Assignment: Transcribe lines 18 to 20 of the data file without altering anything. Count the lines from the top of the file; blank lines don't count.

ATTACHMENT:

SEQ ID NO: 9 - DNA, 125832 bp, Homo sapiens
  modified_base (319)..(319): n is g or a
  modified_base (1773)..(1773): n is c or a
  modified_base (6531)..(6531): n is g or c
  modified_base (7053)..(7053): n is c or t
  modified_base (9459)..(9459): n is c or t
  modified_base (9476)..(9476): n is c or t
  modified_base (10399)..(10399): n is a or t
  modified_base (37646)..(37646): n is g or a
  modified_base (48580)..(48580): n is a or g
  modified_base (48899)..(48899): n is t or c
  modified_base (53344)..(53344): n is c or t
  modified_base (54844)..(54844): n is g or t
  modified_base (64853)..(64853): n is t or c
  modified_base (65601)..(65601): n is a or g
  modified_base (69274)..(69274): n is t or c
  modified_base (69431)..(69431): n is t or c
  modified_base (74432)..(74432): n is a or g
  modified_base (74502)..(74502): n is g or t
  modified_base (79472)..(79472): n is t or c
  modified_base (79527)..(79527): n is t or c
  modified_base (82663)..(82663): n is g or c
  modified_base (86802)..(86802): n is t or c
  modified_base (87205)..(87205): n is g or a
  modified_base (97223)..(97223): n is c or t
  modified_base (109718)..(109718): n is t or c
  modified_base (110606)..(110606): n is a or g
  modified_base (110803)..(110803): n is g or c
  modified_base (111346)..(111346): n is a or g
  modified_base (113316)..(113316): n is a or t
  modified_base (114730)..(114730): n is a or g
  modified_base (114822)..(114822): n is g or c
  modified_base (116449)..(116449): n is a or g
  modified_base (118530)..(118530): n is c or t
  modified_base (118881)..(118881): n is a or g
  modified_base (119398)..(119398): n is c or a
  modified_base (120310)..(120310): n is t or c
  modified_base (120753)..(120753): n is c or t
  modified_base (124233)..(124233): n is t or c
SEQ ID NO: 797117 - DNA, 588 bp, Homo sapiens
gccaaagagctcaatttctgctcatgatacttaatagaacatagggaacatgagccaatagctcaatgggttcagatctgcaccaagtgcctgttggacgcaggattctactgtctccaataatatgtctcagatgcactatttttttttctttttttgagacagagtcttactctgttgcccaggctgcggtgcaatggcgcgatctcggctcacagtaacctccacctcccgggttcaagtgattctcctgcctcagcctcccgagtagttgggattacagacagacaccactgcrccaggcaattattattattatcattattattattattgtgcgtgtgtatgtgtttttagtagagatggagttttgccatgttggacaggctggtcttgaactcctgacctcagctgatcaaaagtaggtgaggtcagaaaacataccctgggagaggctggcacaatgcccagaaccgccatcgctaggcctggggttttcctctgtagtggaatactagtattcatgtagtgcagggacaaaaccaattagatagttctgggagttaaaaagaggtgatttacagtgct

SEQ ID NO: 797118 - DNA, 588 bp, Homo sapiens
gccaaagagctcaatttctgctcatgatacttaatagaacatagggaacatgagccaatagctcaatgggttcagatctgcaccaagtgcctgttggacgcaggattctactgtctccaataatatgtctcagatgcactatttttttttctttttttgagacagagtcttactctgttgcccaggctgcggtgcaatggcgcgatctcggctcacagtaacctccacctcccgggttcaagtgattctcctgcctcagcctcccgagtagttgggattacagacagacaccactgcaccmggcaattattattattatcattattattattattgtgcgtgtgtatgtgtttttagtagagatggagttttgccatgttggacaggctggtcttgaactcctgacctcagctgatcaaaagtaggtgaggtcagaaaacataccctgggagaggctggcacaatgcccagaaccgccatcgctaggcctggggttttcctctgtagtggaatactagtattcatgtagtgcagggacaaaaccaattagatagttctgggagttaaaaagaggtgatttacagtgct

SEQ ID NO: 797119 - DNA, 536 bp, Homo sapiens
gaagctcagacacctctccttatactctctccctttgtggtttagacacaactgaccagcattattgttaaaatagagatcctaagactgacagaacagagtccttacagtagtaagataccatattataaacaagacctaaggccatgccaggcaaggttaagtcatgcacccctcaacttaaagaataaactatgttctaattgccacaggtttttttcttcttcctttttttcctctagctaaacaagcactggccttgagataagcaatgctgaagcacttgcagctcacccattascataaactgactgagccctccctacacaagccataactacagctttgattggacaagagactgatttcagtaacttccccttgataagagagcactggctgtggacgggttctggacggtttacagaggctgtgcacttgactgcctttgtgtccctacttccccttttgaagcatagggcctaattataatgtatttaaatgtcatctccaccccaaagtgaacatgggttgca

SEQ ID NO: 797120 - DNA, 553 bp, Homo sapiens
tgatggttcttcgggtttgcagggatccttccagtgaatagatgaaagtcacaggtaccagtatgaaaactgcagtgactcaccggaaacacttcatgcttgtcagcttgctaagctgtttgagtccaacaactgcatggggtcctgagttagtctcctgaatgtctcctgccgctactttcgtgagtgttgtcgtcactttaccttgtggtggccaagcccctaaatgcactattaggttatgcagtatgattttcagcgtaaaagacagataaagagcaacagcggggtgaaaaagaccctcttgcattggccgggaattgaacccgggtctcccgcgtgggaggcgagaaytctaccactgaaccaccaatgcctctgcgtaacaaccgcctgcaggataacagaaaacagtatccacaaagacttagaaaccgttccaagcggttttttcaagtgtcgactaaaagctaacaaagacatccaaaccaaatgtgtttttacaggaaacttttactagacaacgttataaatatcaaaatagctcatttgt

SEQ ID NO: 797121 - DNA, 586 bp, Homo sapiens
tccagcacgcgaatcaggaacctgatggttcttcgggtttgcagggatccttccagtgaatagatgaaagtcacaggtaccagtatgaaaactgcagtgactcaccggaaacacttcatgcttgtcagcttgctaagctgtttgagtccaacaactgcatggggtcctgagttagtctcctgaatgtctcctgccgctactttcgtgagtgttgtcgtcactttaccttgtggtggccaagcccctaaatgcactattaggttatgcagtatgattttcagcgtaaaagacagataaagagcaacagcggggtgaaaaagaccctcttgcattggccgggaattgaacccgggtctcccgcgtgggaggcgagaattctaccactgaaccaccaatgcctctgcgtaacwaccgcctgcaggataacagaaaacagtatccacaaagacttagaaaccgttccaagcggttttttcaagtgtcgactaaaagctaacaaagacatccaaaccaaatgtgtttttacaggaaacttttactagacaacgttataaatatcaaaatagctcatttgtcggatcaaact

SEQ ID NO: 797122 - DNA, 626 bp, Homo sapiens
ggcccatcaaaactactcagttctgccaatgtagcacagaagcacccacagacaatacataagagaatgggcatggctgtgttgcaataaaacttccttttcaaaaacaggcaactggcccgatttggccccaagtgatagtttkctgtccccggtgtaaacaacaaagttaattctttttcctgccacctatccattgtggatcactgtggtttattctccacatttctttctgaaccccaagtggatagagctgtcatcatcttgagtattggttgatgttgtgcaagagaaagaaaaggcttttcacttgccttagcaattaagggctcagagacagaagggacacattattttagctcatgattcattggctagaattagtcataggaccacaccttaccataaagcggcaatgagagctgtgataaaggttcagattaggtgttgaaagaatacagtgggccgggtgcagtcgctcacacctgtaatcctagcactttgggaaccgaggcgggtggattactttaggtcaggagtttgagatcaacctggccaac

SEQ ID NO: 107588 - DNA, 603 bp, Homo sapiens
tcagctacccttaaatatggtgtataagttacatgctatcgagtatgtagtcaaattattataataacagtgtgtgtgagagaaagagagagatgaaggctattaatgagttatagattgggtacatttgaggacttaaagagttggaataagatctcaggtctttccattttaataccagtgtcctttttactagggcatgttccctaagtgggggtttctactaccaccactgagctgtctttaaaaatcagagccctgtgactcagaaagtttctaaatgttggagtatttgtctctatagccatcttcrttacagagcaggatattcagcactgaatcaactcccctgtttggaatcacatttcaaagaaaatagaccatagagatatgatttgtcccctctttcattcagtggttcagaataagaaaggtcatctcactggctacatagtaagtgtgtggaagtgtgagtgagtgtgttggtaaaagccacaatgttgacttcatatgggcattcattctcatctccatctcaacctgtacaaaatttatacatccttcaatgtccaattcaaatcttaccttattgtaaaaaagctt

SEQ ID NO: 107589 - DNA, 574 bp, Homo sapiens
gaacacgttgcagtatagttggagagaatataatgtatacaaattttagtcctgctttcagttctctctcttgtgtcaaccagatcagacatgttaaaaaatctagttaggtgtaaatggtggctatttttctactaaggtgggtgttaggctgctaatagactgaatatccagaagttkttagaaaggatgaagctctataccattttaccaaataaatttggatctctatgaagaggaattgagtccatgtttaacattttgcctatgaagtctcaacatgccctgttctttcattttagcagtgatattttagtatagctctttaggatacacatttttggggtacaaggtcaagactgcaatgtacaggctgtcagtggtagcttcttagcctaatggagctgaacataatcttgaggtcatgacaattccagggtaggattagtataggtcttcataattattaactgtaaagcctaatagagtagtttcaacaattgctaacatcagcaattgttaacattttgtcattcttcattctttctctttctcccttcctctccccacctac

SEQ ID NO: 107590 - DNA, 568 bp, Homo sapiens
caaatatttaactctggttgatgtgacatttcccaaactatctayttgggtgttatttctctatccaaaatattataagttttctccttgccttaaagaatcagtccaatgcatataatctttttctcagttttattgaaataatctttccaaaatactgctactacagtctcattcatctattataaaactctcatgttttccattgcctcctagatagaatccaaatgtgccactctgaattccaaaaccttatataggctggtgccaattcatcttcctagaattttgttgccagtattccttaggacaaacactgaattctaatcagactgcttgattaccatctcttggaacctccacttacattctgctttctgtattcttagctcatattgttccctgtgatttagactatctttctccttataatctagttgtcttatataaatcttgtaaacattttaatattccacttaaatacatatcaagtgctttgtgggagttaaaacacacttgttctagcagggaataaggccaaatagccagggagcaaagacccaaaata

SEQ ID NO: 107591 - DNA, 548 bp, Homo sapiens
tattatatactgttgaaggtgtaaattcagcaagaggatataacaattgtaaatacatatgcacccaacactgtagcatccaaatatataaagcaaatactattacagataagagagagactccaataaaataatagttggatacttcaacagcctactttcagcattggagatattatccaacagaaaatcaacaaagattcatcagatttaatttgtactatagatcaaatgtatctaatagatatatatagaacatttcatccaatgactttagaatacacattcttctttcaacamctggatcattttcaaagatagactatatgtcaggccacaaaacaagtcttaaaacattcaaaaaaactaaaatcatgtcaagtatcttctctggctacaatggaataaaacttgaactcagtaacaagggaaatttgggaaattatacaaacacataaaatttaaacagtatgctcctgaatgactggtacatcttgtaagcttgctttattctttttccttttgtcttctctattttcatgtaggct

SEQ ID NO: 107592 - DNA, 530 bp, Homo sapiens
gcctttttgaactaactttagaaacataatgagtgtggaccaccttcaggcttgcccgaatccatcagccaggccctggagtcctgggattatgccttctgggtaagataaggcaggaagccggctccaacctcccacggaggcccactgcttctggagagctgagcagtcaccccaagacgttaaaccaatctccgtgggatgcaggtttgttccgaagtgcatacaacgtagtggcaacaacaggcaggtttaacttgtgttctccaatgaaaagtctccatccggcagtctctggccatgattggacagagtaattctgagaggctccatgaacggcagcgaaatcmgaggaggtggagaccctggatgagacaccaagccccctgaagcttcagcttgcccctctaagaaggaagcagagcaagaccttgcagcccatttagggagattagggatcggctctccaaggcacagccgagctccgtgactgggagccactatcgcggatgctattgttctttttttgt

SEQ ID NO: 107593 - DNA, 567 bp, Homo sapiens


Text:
  modified_base (74432)..(74432): n is a or g
  modified_base (74502)..(74502): n is g or t
  modified_base (79472)..(79472): n is t or c